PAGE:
A rainy Sydney Sunday.
Wallington is finally reading words on a kindle – it’s not a book, obviously, it’s just words that aren’t really there – but it’s a big step because she’s a library lover. It’s normally part of our Saturday morning routine to swing by the library and grab a stack of hardbacks and cookbooks.
Then it’s a weekend of reading and cooking and drinking in the delightful world as we know it.
Not this weekend. It’s toast and a kindle. And grim, purposeful drinking. Who would have thought a slim device about the size of an entree (memories!) could so disrupt a happy household.
There’s been none of “Oh, I might make this…” from the sunroom as Wallington flicks through a colourful cookbook. No saute or flambe. The best thing about the weekend was having to decide for the first time whether a cabernet or a shiraz would go better with Vegemite.
Is this is the future without books?
Probably not. In Australia cookbooks are still the biggest selling sector of the market. Just ahead of that bloke who built the 39-storey treehouse, and Matthew Reilly who blew it up with 40-tonnes of explosives. Cooking shows still humanely slaughter everything on TV.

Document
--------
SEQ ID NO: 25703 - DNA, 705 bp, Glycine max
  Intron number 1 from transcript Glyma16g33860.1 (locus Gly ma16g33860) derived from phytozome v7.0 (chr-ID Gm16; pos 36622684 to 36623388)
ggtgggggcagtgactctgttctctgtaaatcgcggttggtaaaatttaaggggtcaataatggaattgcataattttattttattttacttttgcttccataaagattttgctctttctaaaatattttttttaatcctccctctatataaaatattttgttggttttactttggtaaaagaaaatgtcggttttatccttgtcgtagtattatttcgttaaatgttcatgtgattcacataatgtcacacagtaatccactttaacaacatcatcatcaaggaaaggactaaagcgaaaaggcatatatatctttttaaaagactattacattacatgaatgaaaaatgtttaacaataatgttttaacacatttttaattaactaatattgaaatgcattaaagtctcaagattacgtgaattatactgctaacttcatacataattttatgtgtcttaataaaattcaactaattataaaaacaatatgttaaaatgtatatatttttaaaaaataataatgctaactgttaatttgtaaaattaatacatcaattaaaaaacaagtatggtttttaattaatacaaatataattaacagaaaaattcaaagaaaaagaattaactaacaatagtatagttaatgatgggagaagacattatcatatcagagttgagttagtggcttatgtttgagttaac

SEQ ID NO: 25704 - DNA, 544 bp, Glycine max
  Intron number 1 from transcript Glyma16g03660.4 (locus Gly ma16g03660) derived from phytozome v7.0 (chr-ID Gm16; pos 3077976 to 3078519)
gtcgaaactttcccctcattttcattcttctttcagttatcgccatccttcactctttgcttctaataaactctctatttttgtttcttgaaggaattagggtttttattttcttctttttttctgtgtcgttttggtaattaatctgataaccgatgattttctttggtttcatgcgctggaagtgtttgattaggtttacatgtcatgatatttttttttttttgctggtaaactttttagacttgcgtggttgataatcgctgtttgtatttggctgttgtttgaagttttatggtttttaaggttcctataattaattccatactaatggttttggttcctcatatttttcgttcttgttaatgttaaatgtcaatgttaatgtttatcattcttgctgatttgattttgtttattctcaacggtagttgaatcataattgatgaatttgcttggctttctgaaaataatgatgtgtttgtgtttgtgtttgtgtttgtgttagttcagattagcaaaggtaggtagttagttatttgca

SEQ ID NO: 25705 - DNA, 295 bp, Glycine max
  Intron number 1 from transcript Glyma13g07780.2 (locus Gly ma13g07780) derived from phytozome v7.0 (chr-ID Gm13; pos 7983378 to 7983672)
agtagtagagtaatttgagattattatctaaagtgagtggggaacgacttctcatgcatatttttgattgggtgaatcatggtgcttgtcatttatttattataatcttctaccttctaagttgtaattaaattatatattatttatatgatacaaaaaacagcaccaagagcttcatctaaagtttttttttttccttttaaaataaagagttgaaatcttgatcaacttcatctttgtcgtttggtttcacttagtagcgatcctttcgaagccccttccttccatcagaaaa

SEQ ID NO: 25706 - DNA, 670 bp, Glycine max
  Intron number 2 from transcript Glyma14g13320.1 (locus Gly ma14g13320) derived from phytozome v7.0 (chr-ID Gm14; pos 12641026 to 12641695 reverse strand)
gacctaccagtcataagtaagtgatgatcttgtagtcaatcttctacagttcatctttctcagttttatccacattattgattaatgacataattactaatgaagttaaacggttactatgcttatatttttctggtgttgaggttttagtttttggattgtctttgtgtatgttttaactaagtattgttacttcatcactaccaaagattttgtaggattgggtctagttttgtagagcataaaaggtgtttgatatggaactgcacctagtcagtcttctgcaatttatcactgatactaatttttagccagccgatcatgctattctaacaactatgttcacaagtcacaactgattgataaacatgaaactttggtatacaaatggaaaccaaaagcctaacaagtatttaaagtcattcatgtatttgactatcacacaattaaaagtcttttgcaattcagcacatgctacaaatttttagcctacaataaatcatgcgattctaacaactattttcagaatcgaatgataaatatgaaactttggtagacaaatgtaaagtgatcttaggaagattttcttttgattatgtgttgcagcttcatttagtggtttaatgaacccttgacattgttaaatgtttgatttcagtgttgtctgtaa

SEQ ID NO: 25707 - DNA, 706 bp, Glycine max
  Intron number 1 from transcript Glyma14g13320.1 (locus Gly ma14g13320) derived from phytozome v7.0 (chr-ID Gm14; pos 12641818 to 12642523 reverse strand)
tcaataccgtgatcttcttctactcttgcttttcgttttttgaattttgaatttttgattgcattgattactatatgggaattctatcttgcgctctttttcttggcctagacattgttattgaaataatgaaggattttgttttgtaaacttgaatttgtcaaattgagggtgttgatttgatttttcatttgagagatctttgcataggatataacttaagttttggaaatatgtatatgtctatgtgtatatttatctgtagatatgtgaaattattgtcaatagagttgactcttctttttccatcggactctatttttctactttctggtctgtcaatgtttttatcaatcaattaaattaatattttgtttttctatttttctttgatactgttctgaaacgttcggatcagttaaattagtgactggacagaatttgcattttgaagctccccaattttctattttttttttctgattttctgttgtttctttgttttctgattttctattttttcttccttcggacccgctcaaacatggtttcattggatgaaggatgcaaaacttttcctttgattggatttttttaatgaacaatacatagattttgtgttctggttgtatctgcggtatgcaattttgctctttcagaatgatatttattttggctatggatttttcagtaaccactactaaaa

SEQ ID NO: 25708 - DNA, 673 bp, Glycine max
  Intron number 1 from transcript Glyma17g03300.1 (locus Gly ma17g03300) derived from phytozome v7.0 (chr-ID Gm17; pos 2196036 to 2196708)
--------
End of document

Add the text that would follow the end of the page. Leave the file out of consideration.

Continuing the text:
But the kindle has tilted our weekend off its axis.
I’ve been reading words on the kindle for years. Used in moderation, like methamphetamines, what could possibly go wrong? At the moment I’m reading a book version of Richard Flanagan’s The Narrow Road to the Deep North. It’s big and better than twenty kindles. We still love our books.
That bookcase goes from floor to ceiling and there’s another one in the room across the corridor. That’s books bigger than me, and how it should be. Books that tower over me. A bookcase also looks great. It’s art and furniture. And dust.
A kindle is more like a drink coaster. Or a slice of bread in a toaster, like this weekend.
I know I can cook instead of waiting on Wallington, and do, and it’s a good thing to have routines disrupted. The kindle is welcome in our household. But I’m also glad that in a couple of hours we’ll head out into the wet world to watch a friend dance on a battleship in a Sydney Gay and Lesbian Mardi Gras event called Cher The Love. Better than a grey screen.
If I could turn back time I would have had the shiraz with the Vegemite.